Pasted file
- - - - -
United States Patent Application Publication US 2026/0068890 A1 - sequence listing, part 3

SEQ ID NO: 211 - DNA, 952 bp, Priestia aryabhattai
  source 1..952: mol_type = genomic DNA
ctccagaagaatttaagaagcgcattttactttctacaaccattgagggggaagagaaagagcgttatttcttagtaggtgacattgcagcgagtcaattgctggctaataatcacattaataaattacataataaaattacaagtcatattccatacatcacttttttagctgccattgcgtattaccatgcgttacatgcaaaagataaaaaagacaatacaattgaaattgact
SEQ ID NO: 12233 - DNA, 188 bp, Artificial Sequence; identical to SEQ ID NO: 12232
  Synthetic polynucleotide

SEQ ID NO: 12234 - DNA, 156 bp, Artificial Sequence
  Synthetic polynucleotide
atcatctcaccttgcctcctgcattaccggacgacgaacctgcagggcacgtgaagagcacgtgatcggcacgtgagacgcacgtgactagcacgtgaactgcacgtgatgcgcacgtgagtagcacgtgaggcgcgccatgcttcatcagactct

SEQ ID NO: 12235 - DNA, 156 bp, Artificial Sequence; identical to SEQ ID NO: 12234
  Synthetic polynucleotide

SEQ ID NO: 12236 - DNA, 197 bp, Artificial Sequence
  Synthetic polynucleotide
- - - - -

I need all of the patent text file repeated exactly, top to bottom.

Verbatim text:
United States Patent Application Publication US 2026/0068890 A1 - sequence listing, part 3

SEQ ID NO: 211 - DNA, 952 bp, Priestia aryabhattai
  source 1..952: mol_type = genomic DNA
ctccagaagaatttaagaagcgcattttactttctacaaccattgagggggaagagaaagagcgttatttcttagtaggtgacattgcagcgagtcaattgctggctaataatcacattaataaattacataataaaattacaagtcatattccatacatcacttttttagctgccattgcgtattaccatgcgttacatgcaaaagataaaaaagacaatacaattgaaattgact
SEQ ID NO: 12233 - DNA, 188 bp, Artificial Sequence; identical to SEQ ID NO: 12232
  Synthetic polynucleotide

SEQ ID NO: 12234 - DNA, 156 bp, Artificial Sequence
  Synthetic polynucleotide
atcatctcaccttgcctcctgcattaccggacgacgaacctgcagggcacgtgaagagcacgtgatcggcacgtgagacgcacgtgactagcacgtgaactgcacgtgatgcgcacgtgagtagcacgtgaggcgcgccatgcttcatcagactct

SEQ ID NO: 12235 - DNA, 156 bp, Artificial Sequence; identical to SEQ ID NO: 12234
  Synthetic polynucleotide

SEQ ID NO: 12236 - DNA, 197 bp, Artificial Sequence
  Synthetic polynucleotide